By Matthew Geagan, CBS Boston

BOSTON (CBS) — The end to the 2016-17 Boston Celtics was one giant dud. Well, three of them, actually.

Three giant duds on their home floor to boot. The Celtics weren’t supposed to beat the Cavaliers in the Eastern Conference Finals, but a little more fight would have been nice, even without their leading scorer in Isaiah Thomas.

Heck, it would have been nice for them to at least own a lead in one of their home games, if even for just a minute or two. Instead, the last images of the 2016-17 Celtics is of them suffering another 30-plus point loss in embarrassing fashion. It’s an ending that is going to sting for a bit, and it should.

But other than that nightmarish conclusion, the season was anything but an embarrassment.

Finally facing some lofty expectations in Year 4 of the Brad Stevens era, the Celtics answered the call. With preseason predictions putting their win total in the 50s, Boston went 53-29 en route to a division crown and a surprising No. 1 seed. They took advantage of a watered down Eastern Conference and made the most of their opportunity. They were led by nightly highlight reels from Isaiah Thomas who fittingly earned the nickname “King in the Fourth” for his offensive explosions in the final frame of games. Al Horford proved to be the veteran leader the young team needed. Avery Bradley continued to be one of the best two-way players in the game, and Jaylen Brown flashed some brilliance when given the opportunity. At just 20 years old, Brown will be a giant piece of Danny Ainge’s puzzle going forward, whether as a contributor on the roster or as a piece to a blockbuster trade.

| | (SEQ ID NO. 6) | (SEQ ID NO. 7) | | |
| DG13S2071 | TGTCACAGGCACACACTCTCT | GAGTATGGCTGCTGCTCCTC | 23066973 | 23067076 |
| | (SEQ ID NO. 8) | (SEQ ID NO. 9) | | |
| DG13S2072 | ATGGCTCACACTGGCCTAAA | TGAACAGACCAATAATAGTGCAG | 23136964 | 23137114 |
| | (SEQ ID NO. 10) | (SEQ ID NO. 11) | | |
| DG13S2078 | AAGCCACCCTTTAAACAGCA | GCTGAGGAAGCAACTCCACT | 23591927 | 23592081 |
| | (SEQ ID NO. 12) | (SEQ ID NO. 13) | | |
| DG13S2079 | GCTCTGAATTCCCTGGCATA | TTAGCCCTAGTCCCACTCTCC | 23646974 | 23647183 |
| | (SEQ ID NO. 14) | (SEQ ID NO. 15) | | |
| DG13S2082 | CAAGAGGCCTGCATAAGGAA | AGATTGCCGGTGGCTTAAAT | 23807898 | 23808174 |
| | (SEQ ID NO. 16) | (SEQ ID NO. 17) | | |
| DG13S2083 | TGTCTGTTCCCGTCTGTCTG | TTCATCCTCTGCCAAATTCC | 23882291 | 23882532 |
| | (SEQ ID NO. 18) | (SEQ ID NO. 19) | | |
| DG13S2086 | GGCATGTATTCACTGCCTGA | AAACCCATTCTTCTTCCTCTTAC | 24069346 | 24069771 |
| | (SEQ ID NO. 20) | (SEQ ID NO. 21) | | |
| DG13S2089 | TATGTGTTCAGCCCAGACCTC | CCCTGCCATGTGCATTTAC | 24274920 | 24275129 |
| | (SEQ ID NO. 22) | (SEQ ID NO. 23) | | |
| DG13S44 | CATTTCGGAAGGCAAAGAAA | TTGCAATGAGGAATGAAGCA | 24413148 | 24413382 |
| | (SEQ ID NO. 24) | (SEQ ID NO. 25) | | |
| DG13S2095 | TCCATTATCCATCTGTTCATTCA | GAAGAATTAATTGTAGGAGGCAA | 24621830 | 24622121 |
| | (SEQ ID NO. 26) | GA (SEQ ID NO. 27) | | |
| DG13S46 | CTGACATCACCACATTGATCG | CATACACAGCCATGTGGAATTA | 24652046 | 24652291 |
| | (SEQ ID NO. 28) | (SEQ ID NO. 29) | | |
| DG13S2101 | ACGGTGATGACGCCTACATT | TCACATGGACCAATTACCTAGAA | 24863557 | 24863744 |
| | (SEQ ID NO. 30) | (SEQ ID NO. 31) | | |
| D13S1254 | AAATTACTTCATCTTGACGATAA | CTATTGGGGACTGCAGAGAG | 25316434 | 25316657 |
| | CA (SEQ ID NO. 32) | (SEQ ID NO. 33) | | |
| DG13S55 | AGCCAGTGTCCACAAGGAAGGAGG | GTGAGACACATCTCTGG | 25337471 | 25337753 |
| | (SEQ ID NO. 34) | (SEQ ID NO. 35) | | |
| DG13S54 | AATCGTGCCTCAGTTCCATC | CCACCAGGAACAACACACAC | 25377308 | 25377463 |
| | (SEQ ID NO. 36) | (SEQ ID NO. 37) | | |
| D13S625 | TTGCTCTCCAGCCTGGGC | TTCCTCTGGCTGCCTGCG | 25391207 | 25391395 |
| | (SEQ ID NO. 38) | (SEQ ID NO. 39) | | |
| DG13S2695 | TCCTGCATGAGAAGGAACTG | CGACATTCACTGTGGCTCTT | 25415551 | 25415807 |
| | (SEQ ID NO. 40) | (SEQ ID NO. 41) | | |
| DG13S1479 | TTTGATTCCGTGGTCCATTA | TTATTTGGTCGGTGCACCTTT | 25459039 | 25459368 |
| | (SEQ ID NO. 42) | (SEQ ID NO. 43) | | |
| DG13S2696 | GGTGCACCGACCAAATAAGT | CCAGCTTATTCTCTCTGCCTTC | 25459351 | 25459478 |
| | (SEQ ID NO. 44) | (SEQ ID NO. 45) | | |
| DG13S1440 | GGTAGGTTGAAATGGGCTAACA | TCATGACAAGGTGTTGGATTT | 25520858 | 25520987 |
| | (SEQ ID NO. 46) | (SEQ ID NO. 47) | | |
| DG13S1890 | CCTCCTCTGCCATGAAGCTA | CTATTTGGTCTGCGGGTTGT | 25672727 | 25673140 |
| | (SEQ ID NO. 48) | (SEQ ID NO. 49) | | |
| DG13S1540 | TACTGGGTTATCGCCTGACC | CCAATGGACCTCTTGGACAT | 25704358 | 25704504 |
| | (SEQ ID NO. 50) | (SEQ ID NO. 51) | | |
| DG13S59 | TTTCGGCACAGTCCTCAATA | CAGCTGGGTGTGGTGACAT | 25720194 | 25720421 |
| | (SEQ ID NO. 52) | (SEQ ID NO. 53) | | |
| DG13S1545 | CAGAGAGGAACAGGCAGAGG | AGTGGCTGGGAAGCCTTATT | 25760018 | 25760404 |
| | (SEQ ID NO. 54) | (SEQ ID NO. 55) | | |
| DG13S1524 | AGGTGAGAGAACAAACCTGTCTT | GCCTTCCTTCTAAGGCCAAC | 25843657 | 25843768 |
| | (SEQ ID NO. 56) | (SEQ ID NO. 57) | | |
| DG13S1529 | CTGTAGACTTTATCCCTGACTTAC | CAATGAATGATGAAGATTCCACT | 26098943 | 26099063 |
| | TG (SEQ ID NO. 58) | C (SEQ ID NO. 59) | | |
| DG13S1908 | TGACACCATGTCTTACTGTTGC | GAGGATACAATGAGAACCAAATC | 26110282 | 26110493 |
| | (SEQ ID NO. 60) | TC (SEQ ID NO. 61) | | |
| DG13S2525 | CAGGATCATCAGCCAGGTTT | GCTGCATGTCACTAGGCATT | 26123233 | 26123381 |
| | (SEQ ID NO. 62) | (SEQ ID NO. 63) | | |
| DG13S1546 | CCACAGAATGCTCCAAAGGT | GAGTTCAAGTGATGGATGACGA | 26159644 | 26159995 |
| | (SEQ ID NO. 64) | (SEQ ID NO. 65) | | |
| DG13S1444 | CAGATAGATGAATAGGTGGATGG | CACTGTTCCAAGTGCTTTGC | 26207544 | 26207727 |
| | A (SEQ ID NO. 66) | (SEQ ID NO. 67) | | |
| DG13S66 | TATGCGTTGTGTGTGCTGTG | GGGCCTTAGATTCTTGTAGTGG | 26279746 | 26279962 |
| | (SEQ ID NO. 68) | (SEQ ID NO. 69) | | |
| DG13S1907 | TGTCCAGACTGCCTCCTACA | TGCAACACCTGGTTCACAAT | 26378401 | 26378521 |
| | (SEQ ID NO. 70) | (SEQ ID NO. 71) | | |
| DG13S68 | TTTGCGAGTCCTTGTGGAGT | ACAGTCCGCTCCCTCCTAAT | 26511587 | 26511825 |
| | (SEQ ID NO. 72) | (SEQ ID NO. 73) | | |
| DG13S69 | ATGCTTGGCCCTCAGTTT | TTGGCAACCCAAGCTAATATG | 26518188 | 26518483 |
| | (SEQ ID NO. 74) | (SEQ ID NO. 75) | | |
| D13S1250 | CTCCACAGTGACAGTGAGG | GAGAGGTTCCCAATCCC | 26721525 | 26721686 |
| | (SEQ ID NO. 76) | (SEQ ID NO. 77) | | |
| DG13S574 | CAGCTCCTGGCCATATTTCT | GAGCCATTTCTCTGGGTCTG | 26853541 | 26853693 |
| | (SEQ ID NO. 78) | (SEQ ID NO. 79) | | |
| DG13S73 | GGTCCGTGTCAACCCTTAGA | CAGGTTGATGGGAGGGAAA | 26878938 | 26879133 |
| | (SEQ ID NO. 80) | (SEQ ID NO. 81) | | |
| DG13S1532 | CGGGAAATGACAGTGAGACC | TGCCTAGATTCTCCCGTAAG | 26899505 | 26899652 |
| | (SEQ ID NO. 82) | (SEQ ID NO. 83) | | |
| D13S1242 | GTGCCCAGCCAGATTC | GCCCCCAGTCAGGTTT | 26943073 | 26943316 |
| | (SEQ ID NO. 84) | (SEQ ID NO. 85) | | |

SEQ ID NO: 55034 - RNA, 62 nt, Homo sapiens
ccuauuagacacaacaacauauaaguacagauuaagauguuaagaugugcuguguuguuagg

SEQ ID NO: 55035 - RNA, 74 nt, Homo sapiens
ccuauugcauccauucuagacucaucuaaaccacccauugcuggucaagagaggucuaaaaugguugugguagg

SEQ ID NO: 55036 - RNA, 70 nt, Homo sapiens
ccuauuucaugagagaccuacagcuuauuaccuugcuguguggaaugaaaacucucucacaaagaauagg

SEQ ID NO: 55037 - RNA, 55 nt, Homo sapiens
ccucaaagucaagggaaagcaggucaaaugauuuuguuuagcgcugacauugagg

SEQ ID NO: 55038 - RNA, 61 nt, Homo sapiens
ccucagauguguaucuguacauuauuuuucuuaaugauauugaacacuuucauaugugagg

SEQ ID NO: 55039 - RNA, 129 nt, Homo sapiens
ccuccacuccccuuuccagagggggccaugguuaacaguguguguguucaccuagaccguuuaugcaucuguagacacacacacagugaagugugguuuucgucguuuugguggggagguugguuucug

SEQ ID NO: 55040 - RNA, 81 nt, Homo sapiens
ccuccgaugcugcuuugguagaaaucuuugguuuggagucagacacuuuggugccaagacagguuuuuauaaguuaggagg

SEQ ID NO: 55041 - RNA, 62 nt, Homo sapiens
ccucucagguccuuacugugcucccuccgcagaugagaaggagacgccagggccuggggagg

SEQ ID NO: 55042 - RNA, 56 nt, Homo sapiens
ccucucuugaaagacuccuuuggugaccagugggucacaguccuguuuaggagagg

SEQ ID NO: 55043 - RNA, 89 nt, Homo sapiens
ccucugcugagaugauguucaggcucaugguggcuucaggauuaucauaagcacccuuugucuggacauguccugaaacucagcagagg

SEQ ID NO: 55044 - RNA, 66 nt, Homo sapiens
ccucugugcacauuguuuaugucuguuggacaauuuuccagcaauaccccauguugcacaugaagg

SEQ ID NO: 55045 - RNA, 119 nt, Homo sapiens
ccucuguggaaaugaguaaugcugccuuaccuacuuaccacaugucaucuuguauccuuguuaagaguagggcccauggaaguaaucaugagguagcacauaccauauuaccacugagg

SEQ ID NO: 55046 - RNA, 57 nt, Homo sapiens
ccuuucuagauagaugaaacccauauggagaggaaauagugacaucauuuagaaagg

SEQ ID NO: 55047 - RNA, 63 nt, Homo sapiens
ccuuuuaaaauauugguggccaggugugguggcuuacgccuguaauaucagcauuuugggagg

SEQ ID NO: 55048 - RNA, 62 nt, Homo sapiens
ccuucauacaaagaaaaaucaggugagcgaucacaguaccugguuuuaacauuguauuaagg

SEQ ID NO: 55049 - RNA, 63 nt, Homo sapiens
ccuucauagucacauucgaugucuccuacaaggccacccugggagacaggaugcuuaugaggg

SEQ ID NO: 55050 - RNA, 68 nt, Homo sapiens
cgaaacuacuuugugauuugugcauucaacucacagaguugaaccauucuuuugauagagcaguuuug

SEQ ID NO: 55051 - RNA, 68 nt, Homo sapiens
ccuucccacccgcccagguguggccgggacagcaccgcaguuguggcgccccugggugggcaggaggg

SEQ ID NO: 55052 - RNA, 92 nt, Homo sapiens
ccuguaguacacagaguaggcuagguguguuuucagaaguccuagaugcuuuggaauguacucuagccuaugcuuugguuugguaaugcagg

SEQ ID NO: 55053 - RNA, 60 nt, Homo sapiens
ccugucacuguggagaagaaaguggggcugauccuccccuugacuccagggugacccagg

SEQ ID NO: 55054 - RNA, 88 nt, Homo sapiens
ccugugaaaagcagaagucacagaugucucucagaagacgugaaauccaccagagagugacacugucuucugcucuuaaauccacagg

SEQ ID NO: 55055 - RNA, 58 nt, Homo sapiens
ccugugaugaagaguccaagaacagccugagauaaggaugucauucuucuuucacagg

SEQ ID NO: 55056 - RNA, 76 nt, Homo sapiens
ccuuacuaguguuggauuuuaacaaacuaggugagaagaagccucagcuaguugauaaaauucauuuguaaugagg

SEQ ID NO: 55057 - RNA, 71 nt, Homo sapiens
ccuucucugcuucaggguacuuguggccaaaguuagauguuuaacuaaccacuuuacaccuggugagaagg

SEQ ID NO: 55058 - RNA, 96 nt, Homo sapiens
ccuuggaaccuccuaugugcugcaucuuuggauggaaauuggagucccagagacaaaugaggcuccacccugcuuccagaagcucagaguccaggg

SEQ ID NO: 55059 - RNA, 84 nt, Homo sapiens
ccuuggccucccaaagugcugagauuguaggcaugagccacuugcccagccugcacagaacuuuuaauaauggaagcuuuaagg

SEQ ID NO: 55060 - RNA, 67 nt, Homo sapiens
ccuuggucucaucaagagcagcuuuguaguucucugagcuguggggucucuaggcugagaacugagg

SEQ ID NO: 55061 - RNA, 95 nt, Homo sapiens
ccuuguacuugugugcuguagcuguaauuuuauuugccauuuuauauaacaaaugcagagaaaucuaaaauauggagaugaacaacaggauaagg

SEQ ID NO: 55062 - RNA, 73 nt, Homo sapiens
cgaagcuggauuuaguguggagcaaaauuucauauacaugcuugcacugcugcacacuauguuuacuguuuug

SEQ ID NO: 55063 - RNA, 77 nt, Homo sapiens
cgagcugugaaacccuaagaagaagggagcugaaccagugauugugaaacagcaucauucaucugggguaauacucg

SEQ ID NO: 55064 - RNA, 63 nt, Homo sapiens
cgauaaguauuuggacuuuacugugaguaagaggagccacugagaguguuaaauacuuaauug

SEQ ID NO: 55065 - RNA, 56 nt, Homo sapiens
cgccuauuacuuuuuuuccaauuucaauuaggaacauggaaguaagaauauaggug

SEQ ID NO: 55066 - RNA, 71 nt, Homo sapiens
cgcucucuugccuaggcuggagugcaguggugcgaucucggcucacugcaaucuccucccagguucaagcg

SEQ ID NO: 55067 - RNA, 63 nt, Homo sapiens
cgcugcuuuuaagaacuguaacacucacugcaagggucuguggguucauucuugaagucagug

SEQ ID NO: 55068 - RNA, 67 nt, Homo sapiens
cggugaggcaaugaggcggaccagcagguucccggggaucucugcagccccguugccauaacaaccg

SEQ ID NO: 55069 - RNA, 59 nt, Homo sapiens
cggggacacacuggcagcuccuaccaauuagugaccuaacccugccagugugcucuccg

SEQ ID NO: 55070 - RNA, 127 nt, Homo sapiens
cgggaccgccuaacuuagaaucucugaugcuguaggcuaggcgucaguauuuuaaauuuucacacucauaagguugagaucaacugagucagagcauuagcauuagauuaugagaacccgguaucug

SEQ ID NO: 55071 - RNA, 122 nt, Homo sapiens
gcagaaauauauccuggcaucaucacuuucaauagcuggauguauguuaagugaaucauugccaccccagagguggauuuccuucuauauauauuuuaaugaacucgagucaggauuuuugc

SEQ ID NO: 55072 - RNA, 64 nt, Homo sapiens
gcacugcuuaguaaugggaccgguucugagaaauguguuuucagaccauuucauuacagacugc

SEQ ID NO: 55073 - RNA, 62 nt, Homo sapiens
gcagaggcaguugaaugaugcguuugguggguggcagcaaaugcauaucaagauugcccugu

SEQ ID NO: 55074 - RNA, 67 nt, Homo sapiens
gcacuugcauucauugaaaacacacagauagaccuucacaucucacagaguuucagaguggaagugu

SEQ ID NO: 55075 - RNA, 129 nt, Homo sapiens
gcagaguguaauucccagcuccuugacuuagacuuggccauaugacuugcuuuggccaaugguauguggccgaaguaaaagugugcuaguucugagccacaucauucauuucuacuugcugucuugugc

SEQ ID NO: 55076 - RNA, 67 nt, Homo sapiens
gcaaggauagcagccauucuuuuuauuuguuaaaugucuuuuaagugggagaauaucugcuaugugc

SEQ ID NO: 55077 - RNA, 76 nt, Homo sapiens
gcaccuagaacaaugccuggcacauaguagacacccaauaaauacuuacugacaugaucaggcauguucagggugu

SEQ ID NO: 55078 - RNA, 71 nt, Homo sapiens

Boston’s overachieving during the regular season was a welcome sign, but after a pair of first-round exits the last two seasons, the success and failure of the team hinged on how the Celtics fared in the playoffs. Anything short of a trip to the conference finals would have been a disappointment, and they succeeded on that front. After a rocky start and a 2-0 hole against the Chicago Bulls, the Celtics finally got out of the first round under Stevens. They took it a step further with a thrilling seven-game series win over the Washington Wizards. Thomas added to his amazing regular season, overcoming the death of his sister the day before the postseason and a crooked smile courtesy of the Wizards. His 53-point Game 2 against Washington will hold a place in Celtics history, and his 29 points in the deciding Game 7 are a bit more impressive given Thomas did his thing on a bad hip.

The playoffs were everything we wanted from the Celtics, up until that demolition at the hands of the Cavs. The Conference Finals were a reality check that proves the overachieving Celtics are still nowhere near the super teams of the NBA. They’re a solid team, but grit only gets you so far when overall talent takes over. That’s what makes a team great when it matters most, and it’s what the Celtics lack at the moment.

They are right at the top of that next tier. It’s not the best place to be in the NBA, but it’s certainly not the worst, given the unique situation Boston finds themselves in going forward. Armed with cap space and the No. 1 overall pick, Ainge has the luxury of assembling a “bridge” team that can compete now while also building for the future when the NBA is not owned by a man named LeBron or a super team out west. He has plenty of options on the table and the ammo to do what he wants, no matter which path he takes. This is an important summer ahead for the Celtics, one that should provide those fireworks that were promised years ago.

The closing scene is one we’d like to forget sooner rather than later, but the season was a giant step in the right direction. Making that next step will be the most difficult one, but the Celtics have put themselves in a great position to do so in the coming years.


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